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Entries in DIY (27)

Friday
Apr252014

how to: monogram fabric napkins

Supplies:
fabric paint/s, as desired
brushes, as needed
light/medium-weight cardboard for stencils
X-acto knife
masking/painter’s tape
uno natural linen napkins

Directions:
1. Fold the napkin the way you will be using on your dining table, etc. to locate exactly where you want to place the monogram.

2. Be sure to measure and mark exactly where the stencil will be applied on each napkin so that there will be consistency in the placement. We used a square piece of heavy-weight paper which allowed the corners to line up.

3. Pencil the desired monogram design on to the heavy-weight paper and cut out the stencil with a sharp X-acto blade on a protected surface or cutting board.

4. Following the instruction label on the fabric paint—be sure to include an extra layer of paper on the backside to absorb excess paint/liquid—then use a sponge paint brush and “dab” the paint the background color on the napkin surface. Lift off the stencil immediately after painting. Let the fabric paint dry completely before adding on the next layer of color so that the colors don’t bleed.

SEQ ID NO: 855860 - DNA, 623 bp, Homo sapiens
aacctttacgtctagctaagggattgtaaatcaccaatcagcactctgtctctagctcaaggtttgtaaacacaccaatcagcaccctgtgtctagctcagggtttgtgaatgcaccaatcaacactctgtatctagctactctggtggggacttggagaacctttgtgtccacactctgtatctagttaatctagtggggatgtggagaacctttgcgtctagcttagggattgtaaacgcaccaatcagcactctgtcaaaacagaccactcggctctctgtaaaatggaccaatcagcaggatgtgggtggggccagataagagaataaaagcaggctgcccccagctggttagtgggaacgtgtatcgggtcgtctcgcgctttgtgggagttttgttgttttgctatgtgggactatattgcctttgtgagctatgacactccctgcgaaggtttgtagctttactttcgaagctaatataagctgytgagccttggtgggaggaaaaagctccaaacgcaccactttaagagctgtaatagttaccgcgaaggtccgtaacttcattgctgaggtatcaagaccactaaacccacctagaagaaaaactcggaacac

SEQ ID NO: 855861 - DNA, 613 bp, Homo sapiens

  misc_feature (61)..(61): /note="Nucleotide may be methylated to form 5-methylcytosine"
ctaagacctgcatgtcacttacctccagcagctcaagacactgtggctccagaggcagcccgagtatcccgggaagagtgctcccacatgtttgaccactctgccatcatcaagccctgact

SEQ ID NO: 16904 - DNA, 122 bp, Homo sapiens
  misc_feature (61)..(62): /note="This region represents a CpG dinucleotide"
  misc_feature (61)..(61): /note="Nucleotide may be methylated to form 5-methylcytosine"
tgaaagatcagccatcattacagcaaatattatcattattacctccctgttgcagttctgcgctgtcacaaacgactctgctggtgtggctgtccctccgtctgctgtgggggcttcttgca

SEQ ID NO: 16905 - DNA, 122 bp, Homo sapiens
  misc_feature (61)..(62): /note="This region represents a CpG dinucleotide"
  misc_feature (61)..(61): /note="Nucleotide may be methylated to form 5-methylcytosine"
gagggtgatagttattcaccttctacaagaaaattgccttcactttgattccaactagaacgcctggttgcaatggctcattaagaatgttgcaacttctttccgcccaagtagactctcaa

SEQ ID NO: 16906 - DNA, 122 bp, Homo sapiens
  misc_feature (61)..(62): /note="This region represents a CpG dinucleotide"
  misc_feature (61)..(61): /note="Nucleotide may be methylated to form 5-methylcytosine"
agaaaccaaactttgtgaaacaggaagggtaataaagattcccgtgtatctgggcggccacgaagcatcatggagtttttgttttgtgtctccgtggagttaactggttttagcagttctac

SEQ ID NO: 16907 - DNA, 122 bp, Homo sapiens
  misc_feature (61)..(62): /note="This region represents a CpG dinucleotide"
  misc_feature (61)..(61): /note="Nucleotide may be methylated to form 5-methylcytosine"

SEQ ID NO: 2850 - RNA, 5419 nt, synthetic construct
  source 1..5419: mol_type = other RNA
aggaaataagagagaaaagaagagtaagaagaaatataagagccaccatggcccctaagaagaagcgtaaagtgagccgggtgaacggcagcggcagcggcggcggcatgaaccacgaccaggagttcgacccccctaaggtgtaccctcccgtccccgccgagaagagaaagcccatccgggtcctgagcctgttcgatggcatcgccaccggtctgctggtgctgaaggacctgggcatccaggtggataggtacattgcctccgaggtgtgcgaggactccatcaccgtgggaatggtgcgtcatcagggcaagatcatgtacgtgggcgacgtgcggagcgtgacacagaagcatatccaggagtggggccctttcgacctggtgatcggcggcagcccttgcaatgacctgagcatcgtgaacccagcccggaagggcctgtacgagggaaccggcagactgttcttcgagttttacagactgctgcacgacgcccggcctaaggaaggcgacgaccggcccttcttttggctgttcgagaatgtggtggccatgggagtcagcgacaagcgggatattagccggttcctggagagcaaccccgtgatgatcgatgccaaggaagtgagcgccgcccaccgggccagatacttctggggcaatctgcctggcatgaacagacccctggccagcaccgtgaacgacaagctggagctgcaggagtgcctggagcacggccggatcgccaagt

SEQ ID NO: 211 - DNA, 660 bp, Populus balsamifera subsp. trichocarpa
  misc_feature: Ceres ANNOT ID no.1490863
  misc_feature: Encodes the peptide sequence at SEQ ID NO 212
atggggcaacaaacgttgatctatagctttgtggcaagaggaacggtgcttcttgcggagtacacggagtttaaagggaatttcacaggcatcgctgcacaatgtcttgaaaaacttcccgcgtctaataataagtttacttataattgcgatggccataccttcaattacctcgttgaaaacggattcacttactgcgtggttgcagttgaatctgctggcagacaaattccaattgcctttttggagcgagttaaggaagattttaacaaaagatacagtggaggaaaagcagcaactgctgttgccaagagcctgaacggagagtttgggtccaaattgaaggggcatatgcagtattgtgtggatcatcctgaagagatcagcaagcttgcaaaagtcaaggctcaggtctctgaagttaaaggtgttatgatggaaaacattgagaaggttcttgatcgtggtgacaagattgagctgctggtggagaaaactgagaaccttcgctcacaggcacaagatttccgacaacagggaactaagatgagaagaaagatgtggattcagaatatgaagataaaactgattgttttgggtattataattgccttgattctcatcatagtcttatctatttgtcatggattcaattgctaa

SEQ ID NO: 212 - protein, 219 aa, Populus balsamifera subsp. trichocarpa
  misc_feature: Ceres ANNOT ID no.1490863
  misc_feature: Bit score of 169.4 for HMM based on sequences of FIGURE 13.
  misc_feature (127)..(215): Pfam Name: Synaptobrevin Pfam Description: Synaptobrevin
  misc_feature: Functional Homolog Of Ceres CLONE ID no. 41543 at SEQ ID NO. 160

5. For best results, consult the fabric paint label for care instructions—most likely, laundering by hand or on the delicate cycle will be recommended for the longest life.

Monday
Feb102014

then and now: stainless ball installations

To see how we created this 2010 installation, shown right, go here.

For more inspiration, check out the pops of color in LMNOQ’s SuperPOX installation by artist Laz Ojalde.

Friday
Jan242014

how to: paint DIY self-adhesive wallpaper

Supplies:
pencil and paper
interior latex paint, as desired
paint rollers, for latex paint
Japanese calligraphy ink, for artwork
paint trays, as needed

Directions:
1. To get started, use the handy calculator online to determine the number of
DIY self-adhesive wallpaper rolls needed.

2. For best results, apply the peel-stick paper to surfaces that have been primed and painted with an eggshell, satin or semi-gloss interior paint. Installation should go quickly since the paper is blank—no patterns to line-up.

3. For the diy/artwork, interior latex paints work just fine if a specific background color is preferred—simply paint the wallpaper the same as any other wall/surface.

hint: depending on the color or shade, it may require two coats to achieve an even, blank canvas.